- Designing services for the Deaf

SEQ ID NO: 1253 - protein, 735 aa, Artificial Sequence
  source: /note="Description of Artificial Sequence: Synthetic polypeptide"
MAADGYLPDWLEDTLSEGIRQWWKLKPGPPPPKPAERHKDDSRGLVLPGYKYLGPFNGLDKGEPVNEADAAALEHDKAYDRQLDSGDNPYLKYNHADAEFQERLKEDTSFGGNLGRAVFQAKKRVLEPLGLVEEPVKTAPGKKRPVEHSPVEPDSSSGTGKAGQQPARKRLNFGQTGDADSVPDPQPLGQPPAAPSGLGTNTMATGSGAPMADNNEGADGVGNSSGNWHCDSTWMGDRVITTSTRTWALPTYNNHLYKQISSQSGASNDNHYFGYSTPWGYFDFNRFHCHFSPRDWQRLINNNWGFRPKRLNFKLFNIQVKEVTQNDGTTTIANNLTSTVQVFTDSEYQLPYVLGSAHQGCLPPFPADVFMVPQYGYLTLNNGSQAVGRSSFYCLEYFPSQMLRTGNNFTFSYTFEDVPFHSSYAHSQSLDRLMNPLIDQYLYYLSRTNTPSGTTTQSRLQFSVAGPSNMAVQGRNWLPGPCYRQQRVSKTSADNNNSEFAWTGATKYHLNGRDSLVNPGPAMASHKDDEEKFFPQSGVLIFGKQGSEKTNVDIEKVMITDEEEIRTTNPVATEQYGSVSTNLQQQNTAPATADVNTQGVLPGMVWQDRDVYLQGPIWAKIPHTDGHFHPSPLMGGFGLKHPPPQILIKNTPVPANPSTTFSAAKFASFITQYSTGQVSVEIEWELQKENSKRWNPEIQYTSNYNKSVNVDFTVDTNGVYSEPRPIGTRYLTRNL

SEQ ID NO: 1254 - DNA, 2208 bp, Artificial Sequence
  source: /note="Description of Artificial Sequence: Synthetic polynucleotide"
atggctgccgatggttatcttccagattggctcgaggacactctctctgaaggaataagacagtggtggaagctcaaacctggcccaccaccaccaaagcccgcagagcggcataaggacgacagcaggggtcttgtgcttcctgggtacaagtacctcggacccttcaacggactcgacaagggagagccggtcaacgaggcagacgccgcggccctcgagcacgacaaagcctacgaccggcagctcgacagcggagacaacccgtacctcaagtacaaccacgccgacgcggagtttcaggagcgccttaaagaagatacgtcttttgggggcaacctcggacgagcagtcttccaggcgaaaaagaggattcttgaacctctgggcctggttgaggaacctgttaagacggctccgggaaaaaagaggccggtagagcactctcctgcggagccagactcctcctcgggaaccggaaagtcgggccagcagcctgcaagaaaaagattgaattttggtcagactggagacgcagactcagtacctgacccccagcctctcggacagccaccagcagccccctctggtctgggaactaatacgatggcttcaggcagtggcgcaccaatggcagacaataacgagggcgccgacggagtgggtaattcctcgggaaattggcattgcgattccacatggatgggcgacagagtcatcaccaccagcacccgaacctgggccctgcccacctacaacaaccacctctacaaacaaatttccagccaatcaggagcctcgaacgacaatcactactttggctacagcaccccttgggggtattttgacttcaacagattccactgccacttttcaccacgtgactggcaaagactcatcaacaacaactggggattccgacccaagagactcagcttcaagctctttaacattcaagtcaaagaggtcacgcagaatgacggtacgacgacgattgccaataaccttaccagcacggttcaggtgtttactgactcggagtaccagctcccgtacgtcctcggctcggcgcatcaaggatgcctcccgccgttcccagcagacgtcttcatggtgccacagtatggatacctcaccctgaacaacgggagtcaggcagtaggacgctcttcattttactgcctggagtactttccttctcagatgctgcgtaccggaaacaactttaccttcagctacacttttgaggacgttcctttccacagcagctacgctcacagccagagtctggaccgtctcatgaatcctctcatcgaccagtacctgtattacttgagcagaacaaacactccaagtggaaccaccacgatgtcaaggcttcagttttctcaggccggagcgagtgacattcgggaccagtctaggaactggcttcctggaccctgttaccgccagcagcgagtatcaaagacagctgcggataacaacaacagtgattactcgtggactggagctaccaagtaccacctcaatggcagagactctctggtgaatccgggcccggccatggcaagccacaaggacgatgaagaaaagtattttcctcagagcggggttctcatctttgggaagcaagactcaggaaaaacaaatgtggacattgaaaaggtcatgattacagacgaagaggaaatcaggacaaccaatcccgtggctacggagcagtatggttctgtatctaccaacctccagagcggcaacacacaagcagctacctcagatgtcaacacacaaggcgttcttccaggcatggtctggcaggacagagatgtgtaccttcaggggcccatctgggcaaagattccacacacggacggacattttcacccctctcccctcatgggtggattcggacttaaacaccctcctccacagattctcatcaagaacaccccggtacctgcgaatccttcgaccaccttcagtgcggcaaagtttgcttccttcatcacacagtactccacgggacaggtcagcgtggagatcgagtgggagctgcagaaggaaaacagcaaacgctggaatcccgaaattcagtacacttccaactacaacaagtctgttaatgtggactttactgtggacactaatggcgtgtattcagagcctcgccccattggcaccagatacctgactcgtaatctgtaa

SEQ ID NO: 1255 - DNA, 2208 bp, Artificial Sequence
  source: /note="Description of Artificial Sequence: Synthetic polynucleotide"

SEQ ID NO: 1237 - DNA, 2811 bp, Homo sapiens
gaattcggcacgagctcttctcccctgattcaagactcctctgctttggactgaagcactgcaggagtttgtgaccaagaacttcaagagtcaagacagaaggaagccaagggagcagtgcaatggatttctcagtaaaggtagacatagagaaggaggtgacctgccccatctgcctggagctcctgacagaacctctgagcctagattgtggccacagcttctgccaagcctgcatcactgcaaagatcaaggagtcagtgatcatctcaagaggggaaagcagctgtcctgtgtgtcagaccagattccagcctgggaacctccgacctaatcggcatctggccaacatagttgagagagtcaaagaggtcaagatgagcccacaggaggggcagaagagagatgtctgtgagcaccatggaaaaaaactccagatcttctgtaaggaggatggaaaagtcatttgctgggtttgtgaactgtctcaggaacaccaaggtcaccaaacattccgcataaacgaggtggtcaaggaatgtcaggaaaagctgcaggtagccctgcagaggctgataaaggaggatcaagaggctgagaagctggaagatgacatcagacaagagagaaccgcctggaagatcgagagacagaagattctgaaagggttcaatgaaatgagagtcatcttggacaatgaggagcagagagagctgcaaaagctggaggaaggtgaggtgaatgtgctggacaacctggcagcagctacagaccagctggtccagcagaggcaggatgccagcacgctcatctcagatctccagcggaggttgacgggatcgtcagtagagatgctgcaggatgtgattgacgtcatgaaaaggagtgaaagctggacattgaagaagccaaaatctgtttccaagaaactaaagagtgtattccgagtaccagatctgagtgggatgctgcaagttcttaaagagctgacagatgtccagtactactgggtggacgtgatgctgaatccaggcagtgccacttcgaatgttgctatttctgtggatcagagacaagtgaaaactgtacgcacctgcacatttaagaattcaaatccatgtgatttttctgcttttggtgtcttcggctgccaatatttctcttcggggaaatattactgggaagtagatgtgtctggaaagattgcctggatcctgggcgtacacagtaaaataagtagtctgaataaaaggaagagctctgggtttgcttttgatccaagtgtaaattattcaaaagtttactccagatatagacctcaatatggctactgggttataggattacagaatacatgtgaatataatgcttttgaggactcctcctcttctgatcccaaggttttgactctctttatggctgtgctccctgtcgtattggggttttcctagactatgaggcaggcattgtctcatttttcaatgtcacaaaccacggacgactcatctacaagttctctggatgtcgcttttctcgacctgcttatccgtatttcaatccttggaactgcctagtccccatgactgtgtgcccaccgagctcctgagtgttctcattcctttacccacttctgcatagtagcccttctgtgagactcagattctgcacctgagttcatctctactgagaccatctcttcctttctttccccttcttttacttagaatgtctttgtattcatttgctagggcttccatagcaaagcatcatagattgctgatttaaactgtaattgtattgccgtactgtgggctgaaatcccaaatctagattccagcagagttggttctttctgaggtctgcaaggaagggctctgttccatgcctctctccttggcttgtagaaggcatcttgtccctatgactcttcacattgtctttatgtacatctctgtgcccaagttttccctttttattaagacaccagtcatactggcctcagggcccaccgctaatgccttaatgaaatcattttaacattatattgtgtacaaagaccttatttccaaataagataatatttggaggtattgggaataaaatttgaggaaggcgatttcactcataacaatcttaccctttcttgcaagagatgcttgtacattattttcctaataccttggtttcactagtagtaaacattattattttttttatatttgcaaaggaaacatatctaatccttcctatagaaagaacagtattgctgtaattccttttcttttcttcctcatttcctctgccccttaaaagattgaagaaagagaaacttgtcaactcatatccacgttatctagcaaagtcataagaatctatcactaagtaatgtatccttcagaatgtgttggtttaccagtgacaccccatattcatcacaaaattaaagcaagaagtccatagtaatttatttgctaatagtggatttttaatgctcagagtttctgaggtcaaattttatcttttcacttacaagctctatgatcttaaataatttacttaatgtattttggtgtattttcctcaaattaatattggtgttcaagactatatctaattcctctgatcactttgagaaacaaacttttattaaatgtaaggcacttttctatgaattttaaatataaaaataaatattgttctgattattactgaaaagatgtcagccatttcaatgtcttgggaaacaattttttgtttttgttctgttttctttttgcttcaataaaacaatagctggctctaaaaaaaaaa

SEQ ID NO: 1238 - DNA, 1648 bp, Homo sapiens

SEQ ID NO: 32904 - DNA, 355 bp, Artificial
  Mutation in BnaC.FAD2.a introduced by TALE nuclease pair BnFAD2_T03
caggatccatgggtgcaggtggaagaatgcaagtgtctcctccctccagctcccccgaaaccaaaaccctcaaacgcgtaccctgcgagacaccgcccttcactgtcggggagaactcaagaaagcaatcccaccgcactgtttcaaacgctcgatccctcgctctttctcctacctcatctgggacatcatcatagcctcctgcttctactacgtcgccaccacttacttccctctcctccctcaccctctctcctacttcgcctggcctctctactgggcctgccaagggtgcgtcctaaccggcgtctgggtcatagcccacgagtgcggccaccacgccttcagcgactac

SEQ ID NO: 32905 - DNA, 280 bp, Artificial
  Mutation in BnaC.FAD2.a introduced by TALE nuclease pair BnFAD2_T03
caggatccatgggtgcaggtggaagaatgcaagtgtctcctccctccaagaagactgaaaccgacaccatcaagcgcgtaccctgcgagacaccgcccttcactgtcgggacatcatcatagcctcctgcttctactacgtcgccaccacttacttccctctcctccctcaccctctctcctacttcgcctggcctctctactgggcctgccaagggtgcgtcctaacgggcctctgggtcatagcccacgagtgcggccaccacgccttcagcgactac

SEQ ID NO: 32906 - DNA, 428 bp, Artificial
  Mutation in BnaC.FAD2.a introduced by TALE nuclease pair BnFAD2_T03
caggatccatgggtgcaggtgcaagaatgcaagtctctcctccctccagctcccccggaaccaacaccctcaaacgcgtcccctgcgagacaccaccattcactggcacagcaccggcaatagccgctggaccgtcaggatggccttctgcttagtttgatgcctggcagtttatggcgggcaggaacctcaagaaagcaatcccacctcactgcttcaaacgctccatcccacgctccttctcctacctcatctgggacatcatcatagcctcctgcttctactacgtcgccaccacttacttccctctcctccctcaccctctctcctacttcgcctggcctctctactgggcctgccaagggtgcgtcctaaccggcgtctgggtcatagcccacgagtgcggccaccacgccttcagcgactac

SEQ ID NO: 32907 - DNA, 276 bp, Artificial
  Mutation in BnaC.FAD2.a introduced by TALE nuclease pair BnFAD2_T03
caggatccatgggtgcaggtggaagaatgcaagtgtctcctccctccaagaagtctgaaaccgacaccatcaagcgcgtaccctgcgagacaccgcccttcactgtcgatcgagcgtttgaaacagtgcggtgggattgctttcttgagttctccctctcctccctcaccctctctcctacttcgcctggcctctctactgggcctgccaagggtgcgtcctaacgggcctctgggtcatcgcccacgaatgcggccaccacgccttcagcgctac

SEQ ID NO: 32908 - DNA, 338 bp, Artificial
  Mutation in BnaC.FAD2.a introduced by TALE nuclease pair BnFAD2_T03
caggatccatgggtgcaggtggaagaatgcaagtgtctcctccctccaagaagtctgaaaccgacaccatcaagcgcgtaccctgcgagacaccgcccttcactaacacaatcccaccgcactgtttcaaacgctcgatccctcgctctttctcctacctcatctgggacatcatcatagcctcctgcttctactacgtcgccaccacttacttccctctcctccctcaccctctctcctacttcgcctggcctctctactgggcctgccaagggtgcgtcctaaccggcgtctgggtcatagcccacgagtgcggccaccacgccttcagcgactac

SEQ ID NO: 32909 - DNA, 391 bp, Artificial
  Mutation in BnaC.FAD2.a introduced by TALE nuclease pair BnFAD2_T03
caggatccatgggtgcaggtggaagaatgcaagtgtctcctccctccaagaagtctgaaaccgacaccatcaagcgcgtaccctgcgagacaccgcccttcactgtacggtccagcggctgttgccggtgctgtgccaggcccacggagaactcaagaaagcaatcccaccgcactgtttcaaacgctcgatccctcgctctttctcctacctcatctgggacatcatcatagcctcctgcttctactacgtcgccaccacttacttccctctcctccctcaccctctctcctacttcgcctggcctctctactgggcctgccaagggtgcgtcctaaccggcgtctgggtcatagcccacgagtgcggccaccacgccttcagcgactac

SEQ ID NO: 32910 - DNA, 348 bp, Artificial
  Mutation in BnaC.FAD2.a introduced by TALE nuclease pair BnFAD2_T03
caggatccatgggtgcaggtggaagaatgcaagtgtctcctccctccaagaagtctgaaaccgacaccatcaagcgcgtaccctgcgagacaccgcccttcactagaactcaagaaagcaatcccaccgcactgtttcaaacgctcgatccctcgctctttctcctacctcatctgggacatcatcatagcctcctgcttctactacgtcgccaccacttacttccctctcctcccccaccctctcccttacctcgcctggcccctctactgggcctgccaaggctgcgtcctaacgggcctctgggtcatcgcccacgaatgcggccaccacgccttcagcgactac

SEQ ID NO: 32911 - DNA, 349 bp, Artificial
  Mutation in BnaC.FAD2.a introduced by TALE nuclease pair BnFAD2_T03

Hello Service Lab This month we're focusing on designing for deaf people. Roughly 9 million people in the UK have a hearing loss. This is 1 in every 7 people. With the number of people with hearing loss rising, how might we design our services to be inclusive for deaf people? 1. Designed by and with Ness and Pete from Snook @wearesnook Ness and Pete are service designers working at Snook’s Glasgow studio. They are keen to share learnings about services designed by and with BSL Users, and excited to join this meetup from 400 miles away. Ness specialises in user-centred design and research, and has worked to involve people in the design of cities, transport, energy, healthcare, finance and telecoms services. Ness is studying for an MSc in Sustainability and Adaptation, with the aim of creating more sustainable services and using design to rapidly experiment with ways of adapting to climate change. Having worked as everything from a user researcher to a videographer, commercial carpenter, and even a windsurfing instructor; Peter is a designer with a wide set of skills. He enjoys thinking about the big picture and what the future can hold. He believes that design can help change the way we view the world and can have a positive impact on how we tackle big, complex challenges. 2. Engaging with Deaf people to develop communication methods Edward Richards from Cutting Edge Design @edwardCED Edward is Director of Cutting Edge Design and Founder and Director of bookONE. Originally, he worked as an IT software programmer before moving to design. He has a passion for inclusion, and loves looking at issues and thinking about how to resolve them through design and technology. As a native Deaf British Sign Language (BSL) user Edward can view a potential barrier from a deaf perspective and suggest solutions. Edward is a strong advocate for equality and sits on various forums, committees and access advisory panels within the Health, Council, Museums and Galleries sectors. He has also sat on a major NHS procurement panel with his expertise as a deaf service user. He enjoys sports and ten years ago, returned to playing his favourite sport, hockey and became a qualified Level 1 Umpire earlier in 2016. After a stint as the Captain of Wapping Hockey Club MX (known as the X-Men) team, he is now the Umpire Liaison Officer dealing with over 100 umpires! He regularly puts himself forward to challenge his own abilities which has allowed him to do things he never thought he would, including being part of the London Paralympics Opening Ceremony aerial team in 2012. He regularly gives talks using BSL in museums and galleries across London. *Please note we will have a BSL interpreter for this event.* We'll be hosted by the lovely people from Adaptive Lab who have had some exciting news recently! They're joining forces with Idean, a global design studio. Together, they set out to design a bolder future. Read more about it here: https://www.adaptivelab.com/thoughts/business/going-global-joining-idean/ Looking forward to see you all there! ❤️✌️ The Service Lab Team Afsa, Jenni + Rupert